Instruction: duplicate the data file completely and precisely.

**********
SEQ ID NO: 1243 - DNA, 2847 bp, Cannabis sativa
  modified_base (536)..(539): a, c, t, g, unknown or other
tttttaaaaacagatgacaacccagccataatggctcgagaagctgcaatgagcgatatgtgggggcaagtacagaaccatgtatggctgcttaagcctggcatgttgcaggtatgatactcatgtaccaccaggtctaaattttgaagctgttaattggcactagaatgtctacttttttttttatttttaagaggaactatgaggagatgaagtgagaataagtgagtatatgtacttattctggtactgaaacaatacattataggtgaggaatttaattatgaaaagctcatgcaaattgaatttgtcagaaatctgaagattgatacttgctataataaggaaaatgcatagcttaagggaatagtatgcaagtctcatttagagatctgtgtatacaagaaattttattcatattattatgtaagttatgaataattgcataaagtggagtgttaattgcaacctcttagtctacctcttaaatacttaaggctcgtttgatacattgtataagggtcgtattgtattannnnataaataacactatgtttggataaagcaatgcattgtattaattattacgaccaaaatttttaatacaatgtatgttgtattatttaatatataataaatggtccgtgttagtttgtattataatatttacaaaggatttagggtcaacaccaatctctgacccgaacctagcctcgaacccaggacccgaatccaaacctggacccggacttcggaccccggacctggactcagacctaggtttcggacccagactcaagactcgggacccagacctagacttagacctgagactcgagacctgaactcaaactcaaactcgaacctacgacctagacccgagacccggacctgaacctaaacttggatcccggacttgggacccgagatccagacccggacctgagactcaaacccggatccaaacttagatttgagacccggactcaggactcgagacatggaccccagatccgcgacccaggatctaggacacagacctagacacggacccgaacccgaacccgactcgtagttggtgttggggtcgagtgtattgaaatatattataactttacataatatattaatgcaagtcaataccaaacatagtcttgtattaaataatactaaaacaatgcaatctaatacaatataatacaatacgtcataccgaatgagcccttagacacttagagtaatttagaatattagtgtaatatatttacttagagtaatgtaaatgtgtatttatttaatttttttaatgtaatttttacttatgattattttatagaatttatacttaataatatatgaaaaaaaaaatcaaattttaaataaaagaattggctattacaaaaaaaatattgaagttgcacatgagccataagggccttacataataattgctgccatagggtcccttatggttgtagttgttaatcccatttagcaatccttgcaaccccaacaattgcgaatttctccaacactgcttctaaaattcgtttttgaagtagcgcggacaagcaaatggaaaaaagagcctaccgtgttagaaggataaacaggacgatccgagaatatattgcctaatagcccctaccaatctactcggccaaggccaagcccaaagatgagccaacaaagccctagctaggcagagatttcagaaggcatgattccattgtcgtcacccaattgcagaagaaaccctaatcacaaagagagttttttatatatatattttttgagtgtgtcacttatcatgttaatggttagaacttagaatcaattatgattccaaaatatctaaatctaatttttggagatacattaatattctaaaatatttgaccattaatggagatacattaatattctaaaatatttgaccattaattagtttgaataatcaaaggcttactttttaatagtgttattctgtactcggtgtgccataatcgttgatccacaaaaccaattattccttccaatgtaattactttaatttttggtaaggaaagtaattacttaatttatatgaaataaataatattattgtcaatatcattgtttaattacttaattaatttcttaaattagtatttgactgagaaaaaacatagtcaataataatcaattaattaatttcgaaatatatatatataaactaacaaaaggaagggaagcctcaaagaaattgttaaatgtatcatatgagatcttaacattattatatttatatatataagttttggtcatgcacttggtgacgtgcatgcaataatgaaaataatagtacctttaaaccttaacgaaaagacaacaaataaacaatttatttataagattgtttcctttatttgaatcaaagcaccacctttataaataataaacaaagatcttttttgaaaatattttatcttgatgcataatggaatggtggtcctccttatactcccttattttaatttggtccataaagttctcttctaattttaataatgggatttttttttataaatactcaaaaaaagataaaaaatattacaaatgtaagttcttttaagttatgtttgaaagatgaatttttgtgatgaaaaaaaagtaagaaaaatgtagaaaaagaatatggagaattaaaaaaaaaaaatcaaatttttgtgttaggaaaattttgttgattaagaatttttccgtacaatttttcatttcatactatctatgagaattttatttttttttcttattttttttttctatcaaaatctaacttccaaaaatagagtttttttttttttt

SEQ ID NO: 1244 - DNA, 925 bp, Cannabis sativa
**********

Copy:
SEQ ID NO: 1243 - DNA, 2847 bp, Cannabis sativa
  modified_base (536)..(539): a, c, t, g, unknown or other
tttttaaaaacagatgacaacccagccataatggctcgagaagctgcaatgagcgatatgtgggggcaagtacagaaccatgtatggctgcttaagcctggcatgttgcaggtatgatactcatgtaccaccaggtctaaattttgaagctgttaattggcactagaatgtctacttttttttttatttttaagaggaactatgaggagatgaagtgagaataagtgagtatatgtacttattctggtactgaaacaatacattataggtgaggaatttaattatgaaaagctcatgcaaattgaatttgtcagaaatctgaagattgatacttgctataataaggaaaatgcatagcttaagggaatagtatgcaagtctcatttagagatctgtgtatacaagaaattttattcatattattatgtaagttatgaataattgcataaagtggagtgttaattgcaacctcttagtctacctcttaaatacttaaggctcgtttgatacattgtataagggtcgtattgtattannnnataaataacactatgtttggataaagcaatgcattgtattaattattacgaccaaaatttttaatacaatgtatgttgtattatttaatatataataaatggtccgtgttagtttgtattataatatttacaaaggatttagggtcaacaccaatctctgacccgaacctagcctcgaacccaggacccgaatccaaacctggacccggacttcggaccccggacctggactcagacctaggtttcggacccagactcaagactcgggacccagacctagacttagacctgagactcgagacctgaactcaaactcaaactcgaacctacgacctagacccgagacccggacctgaacctaaacttggatcccggacttgggacccgagatccagacccggacctgagactcaaacccggatccaaacttagatttgagacccggactcaggactcgagacatggaccccagatccgcgacccaggatctaggacacagacctagacacggacccgaacccgaacccgactcgtagttggtgttggggtcgagtgtattgaaatatattataactttacataatatattaatgcaagtcaataccaaacatagtcttgtattaaataatactaaaacaatgcaatctaatacaatataatacaatacgtcataccgaatgagcccttagacacttagagtaatttagaatattagtgtaatatatttacttagagtaatgtaaatgtgtatttatttaatttttttaatgtaatttttacttatgattattttatagaatttatacttaataatatatgaaaaaaaaaatcaaattttaaataaaagaattggctattacaaaaaaaatattgaagttgcacatgagccataagggccttacataataattgctgccatagggtcccttatggttgtagttgttaatcccatttagcaatccttgcaaccccaacaattgcgaatttctccaacactgcttctaaaattcgtttttgaagtagcgcggacaagcaaatggaaaaaagagcctaccgtgttagaaggataaacaggacgatccgagaatatattgcctaatagcccctaccaatctactcggccaaggccaagcccaaagatgagccaacaaagccctagctaggcagagatttcagaaggcatgattccattgtcgtcacccaattgcagaagaaaccctaatcacaaagagagttttttatatatatattttttgagtgtgtcacttatcatgttaatggttagaacttagaatcaattatgattccaaaatatctaaatctaatttttggagatacattaatattctaaaatatttgaccattaatggagatacattaatattctaaaatatttgaccattaattagtttgaataatcaaaggcttactttttaatagtgttattctgtactcggtgtgccataatcgttgatccacaaaaccaattattccttccaatgtaattactttaatttttggtaaggaaagtaattacttaatttatatgaaataaataatattattgtcaatatcattgtttaattacttaattaatttcttaaattagtatttgactgagaaaaaacatagtcaataataatcaattaattaatttcgaaatatatatatataaactaacaaaaggaagggaagcctcaaagaaattgttaaatgtatcatatgagatcttaacattattatatttatatatataagttttggtcatgcacttggtgacgtgcatgcaataatgaaaataatagtacctttaaaccttaacgaaaagacaacaaataaacaatttatttataagattgtttcctttatttgaatcaaagcaccacctttataaataataaacaaagatcttttttgaaaatattttatcttgatgcataatggaatggtggtcctccttatactcccttattttaatttggtccataaagttctcttctaattttaataatgggatttttttttataaatactcaaaaaaagataaaaaatattacaaatgtaagttcttttaagttatgtttgaaagatgaatttttgtgatgaaaaaaaagtaagaaaaatgtagaaaaagaatatggagaattaaaaaaaaaaaatcaaatttttgtgttaggaaaattttgttgattaagaatttttccgtacaatttttcatttcatactatctatgagaattttatttttttttcttattttttttttctatcaaaatctaacttccaaaaatagagtttttttttttttt

SEQ ID NO: 1244 - DNA, 925 bp, Cannabis sativa